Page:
At a time when the news is full of reports of police brutality and abuse of power, people need something to restore their faith in the men and women tasked with serving and protecting them. Imagine a way to hold troublesome police officers accountable for their actions, perhaps through a Yelp-like rating and reviewing service.
On Thursday, the creator of CopScore, a service that encourages people to submit police “officer performance reviews,” shared a link to the service on Hacker News, a forum for startup technologists. It was posted as an entry for Show: HN, where developers can show the community a project they are working on and other users can try it out, give feedback, and ask questions about the idea.
Anyone can register officers in the CopScore system, including anonymously. To register a cop, one must know his or her name, department, and title. The form also requires that the registrant specify whether or not the officer arrested them. If you actually want to post a performance review on the CopScore, you will need to sign in and provide the officer’s badge number.
Already, a few HN users have raised issues with these entry requirements—one commented that only people who have had a bad experience with a cop are inclined to demand their badge number; thus, requiring this on CopScore might elicit purely negative reviews.
Another user commented on the negative connotations of the sample page linked in the post. CopScore, they wrote, was “not intended to present cops in an impartial light,” given that the language used in the submission form (seen below) suggested that its main purpose was to report a crime.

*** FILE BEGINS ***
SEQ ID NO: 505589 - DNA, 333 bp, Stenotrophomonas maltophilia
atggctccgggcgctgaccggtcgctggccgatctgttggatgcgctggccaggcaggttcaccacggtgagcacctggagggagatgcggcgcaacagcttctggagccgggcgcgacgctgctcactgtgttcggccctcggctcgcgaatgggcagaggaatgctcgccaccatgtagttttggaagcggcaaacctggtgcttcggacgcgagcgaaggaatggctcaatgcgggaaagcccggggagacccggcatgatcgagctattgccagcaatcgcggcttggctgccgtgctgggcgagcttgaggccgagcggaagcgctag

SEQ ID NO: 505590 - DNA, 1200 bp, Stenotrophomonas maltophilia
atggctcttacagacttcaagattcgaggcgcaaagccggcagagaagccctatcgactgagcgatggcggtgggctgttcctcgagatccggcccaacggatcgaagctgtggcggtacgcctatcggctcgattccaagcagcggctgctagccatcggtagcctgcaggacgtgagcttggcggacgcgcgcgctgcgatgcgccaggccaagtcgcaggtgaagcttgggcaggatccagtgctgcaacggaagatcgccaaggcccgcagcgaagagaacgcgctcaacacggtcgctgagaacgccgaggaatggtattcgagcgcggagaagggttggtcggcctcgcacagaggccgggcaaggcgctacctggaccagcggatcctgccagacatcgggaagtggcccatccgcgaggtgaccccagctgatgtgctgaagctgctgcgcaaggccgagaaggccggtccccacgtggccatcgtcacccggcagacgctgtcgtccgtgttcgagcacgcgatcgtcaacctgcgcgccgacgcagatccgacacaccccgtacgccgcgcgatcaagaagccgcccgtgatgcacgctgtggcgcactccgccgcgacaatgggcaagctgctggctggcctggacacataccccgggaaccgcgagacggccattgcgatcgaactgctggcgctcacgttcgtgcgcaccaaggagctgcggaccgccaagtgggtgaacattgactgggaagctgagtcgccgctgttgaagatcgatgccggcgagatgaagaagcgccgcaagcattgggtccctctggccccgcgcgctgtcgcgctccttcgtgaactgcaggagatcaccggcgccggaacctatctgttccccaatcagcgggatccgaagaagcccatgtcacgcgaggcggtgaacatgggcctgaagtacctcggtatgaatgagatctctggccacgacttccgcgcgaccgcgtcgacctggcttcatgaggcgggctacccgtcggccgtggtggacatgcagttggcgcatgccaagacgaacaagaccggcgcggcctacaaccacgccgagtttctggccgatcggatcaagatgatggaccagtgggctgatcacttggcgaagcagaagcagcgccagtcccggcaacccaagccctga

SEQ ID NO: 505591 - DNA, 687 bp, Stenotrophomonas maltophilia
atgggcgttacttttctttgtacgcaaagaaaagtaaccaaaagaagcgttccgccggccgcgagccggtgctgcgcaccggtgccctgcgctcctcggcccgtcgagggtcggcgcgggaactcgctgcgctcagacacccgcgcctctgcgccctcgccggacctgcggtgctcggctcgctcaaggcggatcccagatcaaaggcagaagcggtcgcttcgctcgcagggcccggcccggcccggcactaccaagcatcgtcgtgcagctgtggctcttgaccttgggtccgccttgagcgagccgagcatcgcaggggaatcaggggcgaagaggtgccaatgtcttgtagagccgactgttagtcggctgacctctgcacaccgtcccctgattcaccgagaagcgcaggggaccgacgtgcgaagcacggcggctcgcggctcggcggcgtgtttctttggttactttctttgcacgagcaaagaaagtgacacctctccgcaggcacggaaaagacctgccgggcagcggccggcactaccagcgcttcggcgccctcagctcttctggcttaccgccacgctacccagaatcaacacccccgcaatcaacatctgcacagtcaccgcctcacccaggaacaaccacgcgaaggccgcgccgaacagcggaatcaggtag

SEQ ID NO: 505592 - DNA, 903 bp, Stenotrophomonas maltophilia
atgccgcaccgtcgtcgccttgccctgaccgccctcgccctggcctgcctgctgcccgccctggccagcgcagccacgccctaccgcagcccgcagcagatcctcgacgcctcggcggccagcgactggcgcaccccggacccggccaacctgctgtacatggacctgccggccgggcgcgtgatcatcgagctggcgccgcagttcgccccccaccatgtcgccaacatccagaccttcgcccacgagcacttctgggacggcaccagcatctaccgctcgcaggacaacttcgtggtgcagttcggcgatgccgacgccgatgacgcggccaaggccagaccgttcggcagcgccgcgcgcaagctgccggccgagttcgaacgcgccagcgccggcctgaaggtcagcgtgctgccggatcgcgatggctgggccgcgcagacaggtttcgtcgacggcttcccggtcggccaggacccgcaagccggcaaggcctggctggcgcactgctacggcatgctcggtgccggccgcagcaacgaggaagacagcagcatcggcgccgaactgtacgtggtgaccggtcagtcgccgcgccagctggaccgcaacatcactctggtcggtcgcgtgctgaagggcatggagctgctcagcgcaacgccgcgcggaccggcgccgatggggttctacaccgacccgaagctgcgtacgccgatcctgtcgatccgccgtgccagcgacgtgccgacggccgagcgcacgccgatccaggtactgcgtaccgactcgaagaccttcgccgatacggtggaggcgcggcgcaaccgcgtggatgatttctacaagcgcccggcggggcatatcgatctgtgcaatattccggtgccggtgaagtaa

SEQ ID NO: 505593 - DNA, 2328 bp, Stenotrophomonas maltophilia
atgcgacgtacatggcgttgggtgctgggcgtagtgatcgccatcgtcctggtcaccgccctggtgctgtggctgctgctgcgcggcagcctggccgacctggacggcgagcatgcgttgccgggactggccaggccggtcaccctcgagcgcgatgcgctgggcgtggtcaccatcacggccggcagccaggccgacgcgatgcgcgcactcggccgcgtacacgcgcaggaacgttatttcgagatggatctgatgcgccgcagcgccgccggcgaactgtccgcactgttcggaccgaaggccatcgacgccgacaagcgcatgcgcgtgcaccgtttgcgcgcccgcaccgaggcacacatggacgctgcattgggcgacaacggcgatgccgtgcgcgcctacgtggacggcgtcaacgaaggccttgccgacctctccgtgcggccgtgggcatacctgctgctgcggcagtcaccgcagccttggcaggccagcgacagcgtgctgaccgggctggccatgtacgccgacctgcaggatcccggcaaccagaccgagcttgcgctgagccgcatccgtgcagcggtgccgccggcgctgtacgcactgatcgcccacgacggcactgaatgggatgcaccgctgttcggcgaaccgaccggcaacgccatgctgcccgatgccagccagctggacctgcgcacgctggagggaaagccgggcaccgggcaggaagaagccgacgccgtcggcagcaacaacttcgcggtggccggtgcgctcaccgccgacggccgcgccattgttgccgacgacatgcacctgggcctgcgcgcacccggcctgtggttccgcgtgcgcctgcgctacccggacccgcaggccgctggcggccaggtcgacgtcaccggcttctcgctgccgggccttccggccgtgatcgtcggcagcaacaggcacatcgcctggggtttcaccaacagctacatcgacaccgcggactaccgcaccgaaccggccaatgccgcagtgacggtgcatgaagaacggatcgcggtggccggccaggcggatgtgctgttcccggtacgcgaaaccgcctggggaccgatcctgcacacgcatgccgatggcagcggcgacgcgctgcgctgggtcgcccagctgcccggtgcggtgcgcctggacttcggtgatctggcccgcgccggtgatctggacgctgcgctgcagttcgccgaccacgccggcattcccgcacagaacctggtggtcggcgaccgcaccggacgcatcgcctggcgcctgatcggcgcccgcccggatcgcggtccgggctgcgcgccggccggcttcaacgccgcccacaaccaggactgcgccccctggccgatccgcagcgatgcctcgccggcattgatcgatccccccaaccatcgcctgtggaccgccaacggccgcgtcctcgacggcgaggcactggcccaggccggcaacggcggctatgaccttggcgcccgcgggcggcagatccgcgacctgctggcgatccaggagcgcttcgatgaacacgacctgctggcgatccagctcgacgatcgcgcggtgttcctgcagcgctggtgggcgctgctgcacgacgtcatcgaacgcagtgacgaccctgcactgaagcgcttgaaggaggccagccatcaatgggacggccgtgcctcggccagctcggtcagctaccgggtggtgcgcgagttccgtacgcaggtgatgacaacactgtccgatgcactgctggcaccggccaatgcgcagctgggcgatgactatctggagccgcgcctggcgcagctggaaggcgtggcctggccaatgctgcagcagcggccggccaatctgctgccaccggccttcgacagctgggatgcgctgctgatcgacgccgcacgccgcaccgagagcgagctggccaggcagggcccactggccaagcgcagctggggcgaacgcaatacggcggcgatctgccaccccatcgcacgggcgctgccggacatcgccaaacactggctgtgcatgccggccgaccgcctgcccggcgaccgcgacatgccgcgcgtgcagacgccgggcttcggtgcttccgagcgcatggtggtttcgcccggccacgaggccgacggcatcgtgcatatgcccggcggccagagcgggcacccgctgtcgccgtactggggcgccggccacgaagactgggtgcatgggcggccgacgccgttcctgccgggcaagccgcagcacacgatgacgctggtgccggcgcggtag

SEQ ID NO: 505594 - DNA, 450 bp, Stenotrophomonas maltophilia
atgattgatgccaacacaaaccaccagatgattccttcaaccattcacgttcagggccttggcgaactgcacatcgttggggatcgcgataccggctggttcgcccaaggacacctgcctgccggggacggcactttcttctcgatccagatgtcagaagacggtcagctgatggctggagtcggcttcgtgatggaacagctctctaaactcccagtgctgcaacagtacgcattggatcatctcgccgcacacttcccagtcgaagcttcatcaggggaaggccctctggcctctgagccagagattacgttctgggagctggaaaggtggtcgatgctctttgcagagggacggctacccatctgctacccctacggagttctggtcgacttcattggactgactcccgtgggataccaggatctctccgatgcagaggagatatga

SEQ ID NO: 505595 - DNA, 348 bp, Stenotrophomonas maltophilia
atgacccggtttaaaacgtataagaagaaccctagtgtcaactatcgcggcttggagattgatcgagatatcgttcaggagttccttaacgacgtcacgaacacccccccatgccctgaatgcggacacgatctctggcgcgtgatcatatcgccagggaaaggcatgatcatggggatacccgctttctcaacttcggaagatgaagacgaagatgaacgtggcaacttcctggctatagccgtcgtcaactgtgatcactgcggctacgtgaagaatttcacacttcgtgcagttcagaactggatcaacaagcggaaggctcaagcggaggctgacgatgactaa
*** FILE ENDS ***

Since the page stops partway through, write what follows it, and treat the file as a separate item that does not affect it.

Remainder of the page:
“I put the badge number there because I did not want people posting fake reviews,” wrote Arion Hardison, the user who initially posted the idea on HN and whose Twitter profile is linked on CopScore’s Update page. “I wanted only people that had actual interaction with the Cop to be able to vote.”
Hardison claims that there are currently more positive cop reviews on the site than negative ones.
In its early “beta” form, CopScore offers two main features. Under “Add a new officer”, typing anything under “Department Name” generates suggested departments that submitters can associate with their entry. The “Title” field also has a dropdown list with commonly used designations.
It looks like you can pretty much type anything under “Officer Name” and “Badge Number.” Clicking “Register officer” seems to create a record in the system, but it’s unclear whether the database requires a genuine badge number to validate the entry.
CopScore’s other main feature, its search database, allows users to look up by name and/or badge number.
Admittedly, if used properly, CopScore could be a useful way to praise good cops’ admirable work ethic and discourage conduct unbecoming of police officers. The real challenge, for now, is how to inspire concerned citizens to discuss good cops as often as bad cops. Otherwise, CopScore risks being dismissed as yet another forum for disaffected citizens to vent about their bad experiences.
H/T Hacker News | Illustration by Max Fleishman